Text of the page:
Ditching the dollar -- sort of

Nefarious plot or nothing to write home about?  Bloomberg reports:

Iran, the world's fourth-largest oil exporter, will calculate its fuel and other overseas revenue in euros rather than dollars, the Oil Ministry said.

“All oil and foreign revenue will be calculated in euros,'' the ministry said in a report released through its in-house press agency Shana. “It has also been decided that future accounts of various executive organizations will be based in euros.''

Iran has repeatedly said it would increase use of euros in international trade. Hojatollah Ghanimifard, executive director for international affairs at National Iranian Oil Co., the state- run monopoly producer, reaffirmed today all its sales contracts are still quoted in dollars. The U.S. is pressing the UN to impose sanctions against Iran because of its nuclear program.

The statements from Iran are “not very clear,'' said Amelia Torres, spokeswoman for European Union Monetary Affairs Commissioner Joaquin Almunia, in a daily briefing in Brussels.

Which leaves our editors to ponder the significance.  Addison Wiggin sounds this cautionary note:

I'm going to be purposely naive and obtuse: With currency markets as liquid as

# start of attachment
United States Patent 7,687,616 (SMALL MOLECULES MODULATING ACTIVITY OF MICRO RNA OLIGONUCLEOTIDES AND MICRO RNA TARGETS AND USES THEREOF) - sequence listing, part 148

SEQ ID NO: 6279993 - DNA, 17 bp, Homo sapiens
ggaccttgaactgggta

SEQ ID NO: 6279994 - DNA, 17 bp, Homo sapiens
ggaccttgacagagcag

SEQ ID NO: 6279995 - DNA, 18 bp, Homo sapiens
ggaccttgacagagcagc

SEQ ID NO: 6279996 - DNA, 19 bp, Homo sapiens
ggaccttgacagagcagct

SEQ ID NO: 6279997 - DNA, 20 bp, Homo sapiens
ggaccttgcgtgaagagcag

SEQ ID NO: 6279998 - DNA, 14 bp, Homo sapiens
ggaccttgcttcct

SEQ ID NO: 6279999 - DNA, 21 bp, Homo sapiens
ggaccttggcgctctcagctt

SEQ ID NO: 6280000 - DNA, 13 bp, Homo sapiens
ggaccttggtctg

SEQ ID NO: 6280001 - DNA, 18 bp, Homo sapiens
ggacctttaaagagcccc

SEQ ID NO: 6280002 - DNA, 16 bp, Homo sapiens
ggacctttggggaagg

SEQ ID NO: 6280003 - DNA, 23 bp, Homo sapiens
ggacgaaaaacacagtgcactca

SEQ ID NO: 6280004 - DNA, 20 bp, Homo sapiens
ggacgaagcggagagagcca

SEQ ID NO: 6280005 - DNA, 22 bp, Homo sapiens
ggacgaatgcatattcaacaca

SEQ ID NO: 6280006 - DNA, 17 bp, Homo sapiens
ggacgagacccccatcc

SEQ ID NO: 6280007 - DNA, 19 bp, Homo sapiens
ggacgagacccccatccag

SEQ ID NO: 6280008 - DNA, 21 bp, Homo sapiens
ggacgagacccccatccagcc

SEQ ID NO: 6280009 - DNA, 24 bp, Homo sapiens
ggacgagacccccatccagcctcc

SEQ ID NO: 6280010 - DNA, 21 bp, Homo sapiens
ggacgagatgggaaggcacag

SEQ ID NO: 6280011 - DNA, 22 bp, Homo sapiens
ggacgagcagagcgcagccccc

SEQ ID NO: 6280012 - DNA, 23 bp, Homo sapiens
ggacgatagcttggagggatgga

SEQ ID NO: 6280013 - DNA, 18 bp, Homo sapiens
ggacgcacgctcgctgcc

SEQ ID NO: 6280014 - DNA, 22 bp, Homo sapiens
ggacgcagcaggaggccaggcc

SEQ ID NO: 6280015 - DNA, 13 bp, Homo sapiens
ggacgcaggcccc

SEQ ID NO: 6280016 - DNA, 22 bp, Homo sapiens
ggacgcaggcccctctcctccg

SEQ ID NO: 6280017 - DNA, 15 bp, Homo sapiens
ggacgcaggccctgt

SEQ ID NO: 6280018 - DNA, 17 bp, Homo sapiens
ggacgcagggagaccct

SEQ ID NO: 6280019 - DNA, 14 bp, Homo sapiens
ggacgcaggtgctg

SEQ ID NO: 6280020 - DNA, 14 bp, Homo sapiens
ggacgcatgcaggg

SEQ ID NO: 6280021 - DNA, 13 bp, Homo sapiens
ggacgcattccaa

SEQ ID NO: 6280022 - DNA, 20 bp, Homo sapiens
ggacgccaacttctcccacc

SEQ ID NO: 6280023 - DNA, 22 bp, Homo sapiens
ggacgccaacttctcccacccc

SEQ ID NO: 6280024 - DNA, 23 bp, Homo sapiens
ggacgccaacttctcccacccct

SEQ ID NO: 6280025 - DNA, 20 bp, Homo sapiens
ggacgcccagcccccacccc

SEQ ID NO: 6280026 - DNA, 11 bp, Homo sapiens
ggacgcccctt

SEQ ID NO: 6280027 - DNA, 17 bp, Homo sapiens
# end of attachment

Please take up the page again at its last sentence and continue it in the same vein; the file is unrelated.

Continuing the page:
they are… why should we care what currency Iran is pricing their oil in?
It seems to me that the pricing issue is purely psychological. It's no
secret that Iran wants to do business outside the dollar, so the impact
should be minimal, if any, on decisions by the world's currency traders.

Isn't the real threat to the dollar that Iran, other OPEC nations, and
China, India, South Korea et al, begin storing their assets in euros… or
something other than dollar-denominated goodies?

I notice in the article the Iranians are lightening up on gold and buying
euros with those proceeds, too. That doesn't seem like a good move… 

Kevin Kerr of Resource Trader Alert agrees:

It seems purely psycological indeed, much like when OPEC cuts production and crude initially rallies and then everyone cheats and the price drops back down. The actual impact of any cut is often negligible.  I assume this is the same, but it's still bears watching.

And while we're on the subject…Whatever happened to that Iranian oil bourse?  It never did open in March (a planned date that some people suggested was the real reason the Fed stopped reporting M3 at that time).  By October, I'd noted in this space that the plans were, well, still in the works, and now my search for news on the matter turns up nothing.